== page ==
Harvie is concerned that the government is criminalizing people needlessly. While I doubt that any radical amendments will gain a Parliamentary majority, I am hopeful that at least some improvements can be made.
The Scottish Government have decided to amend its existing obscene publications law rather than create a new standalone law.
34 Extreme pornography
(3) A person guilty of an offence under this section is liable—
(a) on summary conviction, to imprisonment for a period not exceeding 12 months or to a fine not exceeding the statutory maximum or to both, or
(b) on conviction on indictment—
(i) in a case where the obscene material is or includes an extreme pornographic image, to imprisonment for a period not exceeding 5 years or to a fine or to both, or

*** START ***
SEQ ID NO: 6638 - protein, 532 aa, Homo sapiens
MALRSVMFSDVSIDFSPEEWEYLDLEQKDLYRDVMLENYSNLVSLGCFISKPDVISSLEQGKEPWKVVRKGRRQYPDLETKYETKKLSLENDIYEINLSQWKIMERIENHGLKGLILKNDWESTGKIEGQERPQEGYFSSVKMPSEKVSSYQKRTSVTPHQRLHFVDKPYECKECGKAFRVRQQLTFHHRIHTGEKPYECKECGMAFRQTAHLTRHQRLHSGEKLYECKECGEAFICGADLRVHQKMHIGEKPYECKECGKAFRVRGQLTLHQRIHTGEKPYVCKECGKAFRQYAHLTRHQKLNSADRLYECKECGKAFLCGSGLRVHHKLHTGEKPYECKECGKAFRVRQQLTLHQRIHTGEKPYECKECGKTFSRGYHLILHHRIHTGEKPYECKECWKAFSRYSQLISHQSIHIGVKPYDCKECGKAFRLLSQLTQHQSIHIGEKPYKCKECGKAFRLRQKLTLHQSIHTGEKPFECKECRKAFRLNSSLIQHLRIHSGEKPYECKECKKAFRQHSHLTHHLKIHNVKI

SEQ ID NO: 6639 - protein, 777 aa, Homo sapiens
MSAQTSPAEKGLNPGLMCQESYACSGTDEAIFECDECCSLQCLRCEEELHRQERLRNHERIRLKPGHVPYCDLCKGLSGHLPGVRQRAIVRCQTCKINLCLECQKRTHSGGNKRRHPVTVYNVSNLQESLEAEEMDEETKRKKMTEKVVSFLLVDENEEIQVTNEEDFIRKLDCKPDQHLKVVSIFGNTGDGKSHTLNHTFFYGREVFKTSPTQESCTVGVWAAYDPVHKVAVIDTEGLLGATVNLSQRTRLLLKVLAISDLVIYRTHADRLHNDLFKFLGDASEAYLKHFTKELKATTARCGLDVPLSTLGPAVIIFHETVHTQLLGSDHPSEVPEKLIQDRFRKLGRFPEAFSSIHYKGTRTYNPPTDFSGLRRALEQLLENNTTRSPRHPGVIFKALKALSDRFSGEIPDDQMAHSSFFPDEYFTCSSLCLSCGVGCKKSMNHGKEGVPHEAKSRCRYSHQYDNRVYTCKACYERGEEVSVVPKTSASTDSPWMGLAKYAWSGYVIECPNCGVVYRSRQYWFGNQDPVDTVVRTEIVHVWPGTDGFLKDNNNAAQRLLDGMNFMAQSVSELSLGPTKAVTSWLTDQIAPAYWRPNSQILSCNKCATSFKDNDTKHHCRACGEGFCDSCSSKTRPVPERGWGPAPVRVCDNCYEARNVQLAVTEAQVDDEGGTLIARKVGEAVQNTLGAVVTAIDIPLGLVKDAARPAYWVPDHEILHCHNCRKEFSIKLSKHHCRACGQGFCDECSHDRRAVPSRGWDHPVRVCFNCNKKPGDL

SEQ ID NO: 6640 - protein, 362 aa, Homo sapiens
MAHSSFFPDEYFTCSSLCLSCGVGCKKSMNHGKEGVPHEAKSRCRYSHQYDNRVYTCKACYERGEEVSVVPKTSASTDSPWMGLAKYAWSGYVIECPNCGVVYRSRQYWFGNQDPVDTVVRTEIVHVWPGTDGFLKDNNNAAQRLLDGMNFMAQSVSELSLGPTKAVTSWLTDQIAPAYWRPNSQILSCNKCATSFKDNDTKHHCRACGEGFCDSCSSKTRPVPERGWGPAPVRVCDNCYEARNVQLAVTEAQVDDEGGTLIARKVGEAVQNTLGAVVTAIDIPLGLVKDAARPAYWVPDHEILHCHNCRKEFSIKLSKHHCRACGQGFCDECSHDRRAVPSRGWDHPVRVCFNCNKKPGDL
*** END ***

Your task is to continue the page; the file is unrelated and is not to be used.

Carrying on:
(ii) in any other case, to imprisonment for a period not exceeding 3 years or to a fine or to both.
51A Extreme pornography
(1) A person who is in possession of an extreme pornographic image is guilty of an offence under this section.
(2) An extreme pornographic image is an image which is all of the following—
(3) An image is pornographic if it is of such a nature that it must reasonably be assumed to have been made solely or principally for the purpose of sexual arousal.
(4) Where (as found in the person's possession) an image forms part of a series of images, the question of whether the image is pornographic is to be determined by reference to—
(a) the image itself (and any sounds accompanying it), and
(b) where the series of images (and any sounds accompanying them) is such as to be capable of providing a context for the image, its context within the series of images.